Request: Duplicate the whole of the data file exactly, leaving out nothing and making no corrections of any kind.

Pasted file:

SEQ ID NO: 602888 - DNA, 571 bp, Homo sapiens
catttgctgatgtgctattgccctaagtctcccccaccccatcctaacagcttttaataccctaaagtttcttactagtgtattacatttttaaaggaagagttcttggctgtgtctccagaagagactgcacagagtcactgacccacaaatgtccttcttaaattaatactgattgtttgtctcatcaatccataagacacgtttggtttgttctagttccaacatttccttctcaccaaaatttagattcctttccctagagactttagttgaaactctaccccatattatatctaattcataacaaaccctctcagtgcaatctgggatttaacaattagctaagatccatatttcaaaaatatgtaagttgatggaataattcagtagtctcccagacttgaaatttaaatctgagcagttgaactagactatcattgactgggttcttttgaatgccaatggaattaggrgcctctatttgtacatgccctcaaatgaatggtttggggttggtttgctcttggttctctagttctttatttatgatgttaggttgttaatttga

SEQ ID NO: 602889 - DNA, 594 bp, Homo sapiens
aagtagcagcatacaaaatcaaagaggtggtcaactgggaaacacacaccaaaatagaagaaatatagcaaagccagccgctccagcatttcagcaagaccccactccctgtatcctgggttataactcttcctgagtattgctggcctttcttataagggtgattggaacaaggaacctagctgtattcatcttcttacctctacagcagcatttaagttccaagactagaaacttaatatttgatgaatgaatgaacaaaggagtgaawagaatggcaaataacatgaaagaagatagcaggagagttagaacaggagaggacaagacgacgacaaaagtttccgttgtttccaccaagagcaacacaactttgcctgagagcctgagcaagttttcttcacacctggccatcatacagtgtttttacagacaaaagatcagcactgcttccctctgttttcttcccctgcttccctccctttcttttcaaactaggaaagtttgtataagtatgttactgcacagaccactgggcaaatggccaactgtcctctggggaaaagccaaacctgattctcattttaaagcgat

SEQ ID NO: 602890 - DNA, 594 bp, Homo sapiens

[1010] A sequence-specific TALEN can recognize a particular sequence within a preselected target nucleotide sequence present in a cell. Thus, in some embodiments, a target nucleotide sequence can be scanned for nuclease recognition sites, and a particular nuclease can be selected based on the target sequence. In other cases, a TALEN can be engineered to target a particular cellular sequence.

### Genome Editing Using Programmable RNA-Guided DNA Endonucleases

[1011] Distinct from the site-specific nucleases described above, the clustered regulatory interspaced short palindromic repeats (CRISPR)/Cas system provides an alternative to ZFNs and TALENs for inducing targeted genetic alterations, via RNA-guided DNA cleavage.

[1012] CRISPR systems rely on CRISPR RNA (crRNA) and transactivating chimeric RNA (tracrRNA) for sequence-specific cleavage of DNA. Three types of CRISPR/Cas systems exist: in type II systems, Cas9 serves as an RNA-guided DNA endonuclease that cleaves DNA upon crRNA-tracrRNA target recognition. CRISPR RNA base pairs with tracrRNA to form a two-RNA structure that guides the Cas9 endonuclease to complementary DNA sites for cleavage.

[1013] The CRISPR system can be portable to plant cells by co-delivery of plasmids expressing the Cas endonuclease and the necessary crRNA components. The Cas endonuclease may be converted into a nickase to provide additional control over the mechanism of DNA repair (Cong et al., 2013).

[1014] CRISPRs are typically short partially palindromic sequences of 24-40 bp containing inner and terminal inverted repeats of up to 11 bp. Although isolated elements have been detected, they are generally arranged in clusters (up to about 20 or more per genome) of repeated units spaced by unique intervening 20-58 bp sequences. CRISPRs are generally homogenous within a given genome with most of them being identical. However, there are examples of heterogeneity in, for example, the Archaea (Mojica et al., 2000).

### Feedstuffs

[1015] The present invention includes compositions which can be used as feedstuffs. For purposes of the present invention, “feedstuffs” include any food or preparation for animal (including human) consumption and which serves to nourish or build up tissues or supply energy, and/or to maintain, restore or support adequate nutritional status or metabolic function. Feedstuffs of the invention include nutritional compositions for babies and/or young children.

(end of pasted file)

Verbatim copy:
SEQ ID NO: 602888 - DNA, 571 bp, Homo sapiens
catttgctgatgtgctattgccctaagtctcccccaccccatcctaacagcttttaataccctaaagtttcttactagtgtattacatttttaaaggaagagttcttggctgtgtctccagaagagactgcacagagtcactgacccacaaatgtccttcttaaattaatactgattgtttgtctcatcaatccataagacacgtttggtttgttctagttccaacatttccttctcaccaaaatttagattcctttccctagagactttagttgaaactctaccccatattatatctaattcataacaaaccctctcagtgcaatctgggatttaacaattagctaagatccatatttcaaaaatatgtaagttgatggaataattcagtagtctcccagacttgaaatttaaatctgagcagttgaactagactatcattgactgggttcttttgaatgccaatggaattaggrgcctctatttgtacatgccctcaaatgaatggtttggggttggtttgctcttggttctctagttctttatttatgatgttaggttgttaatttga

SEQ ID NO: 602889 - DNA, 594 bp, Homo sapiens
aagtagcagcatacaaaatcaaagaggtggtcaactgggaaacacacaccaaaatagaagaaatatagcaaagccagccgctccagcatttcagcaagaccccactccctgtatcctgggttataactcttcctgagtattgctggcctttcttataagggtgattggaacaaggaacctagctgtattcatcttcttacctctacagcagcatttaagttccaagactagaaacttaatatttgatgaatgaatgaacaaaggagtgaawagaatggcaaataacatgaaagaagatagcaggagagttagaacaggagaggacaagacgacgacaaaagtttccgttgtttccaccaagagcaacacaactttgcctgagagcctgagcaagttttcttcacacctggccatcatacagtgtttttacagacaaaagatcagcactgcttccctctgttttcttcccctgcttccctccctttcttttcaaactaggaaagtttgtataagtatgttactgcacagaccactgggcaaatggccaactgtcctctggggaaaagccaaacctgattctcattttaaagcgat

SEQ ID NO: 602890 - DNA, 594 bp, Homo sapiens

[1010] A sequence-specific TALEN can recognize a particular sequence within a preselected target nucleotide sequence present in a cell. Thus, in some embodiments, a target nucleotide sequence can be scanned for nuclease recognition sites, and a particular nuclease can be selected based on the target sequence. In other cases, a TALEN can be engineered to target a particular cellular sequence.

### Genome Editing Using Programmable RNA-Guided DNA Endonucleases

[1011] Distinct from the site-specific nucleases described above, the clustered regulatory interspaced short palindromic repeats (CRISPR)/Cas system provides an alternative to ZFNs and TALENs for inducing targeted genetic alterations, via RNA-guided DNA cleavage.

[1012] CRISPR systems rely on CRISPR RNA (crRNA) and transactivating chimeric RNA (tracrRNA) for sequence-specific cleavage of DNA. Three types of CRISPR/Cas systems exist: in type II systems, Cas9 serves as an RNA-guided DNA endonuclease that cleaves DNA upon crRNA-tracrRNA target recognition. CRISPR RNA base pairs with tracrRNA to form a two-RNA structure that guides the Cas9 endonuclease to complementary DNA sites for cleavage.

[1013] The CRISPR system can be portable to plant cells by co-delivery of plasmids expressing the Cas endonuclease and the necessary crRNA components. The Cas endonuclease may be converted into a nickase to provide additional control over the mechanism of DNA repair (Cong et al., 2013).

[1014] CRISPRs are typically short partially palindromic sequences of 24-40 bp containing inner and terminal inverted repeats of up to 11 bp. Although isolated elements have been detected, they are generally arranged in clusters (up to about 20 or more per genome) of repeated units spaced by unique intervening 20-58 bp sequences. CRISPRs are generally homogenous within a given genome with most of them being identical. However, there are examples of heterogeneity in, for example, the Archaea (Mojica et al., 2000).

### Feedstuffs

[1015] The present invention includes compositions which can be used as feedstuffs. For purposes of the present invention, “feedstuffs” include any food or preparation for animal (including human) consumption and which serves to nourish or build up tissues or supply energy, and/or to maintain, restore or support adequate nutritional status or metabolic function. Feedstuffs of the invention include nutritional compositions for babies and/or young children.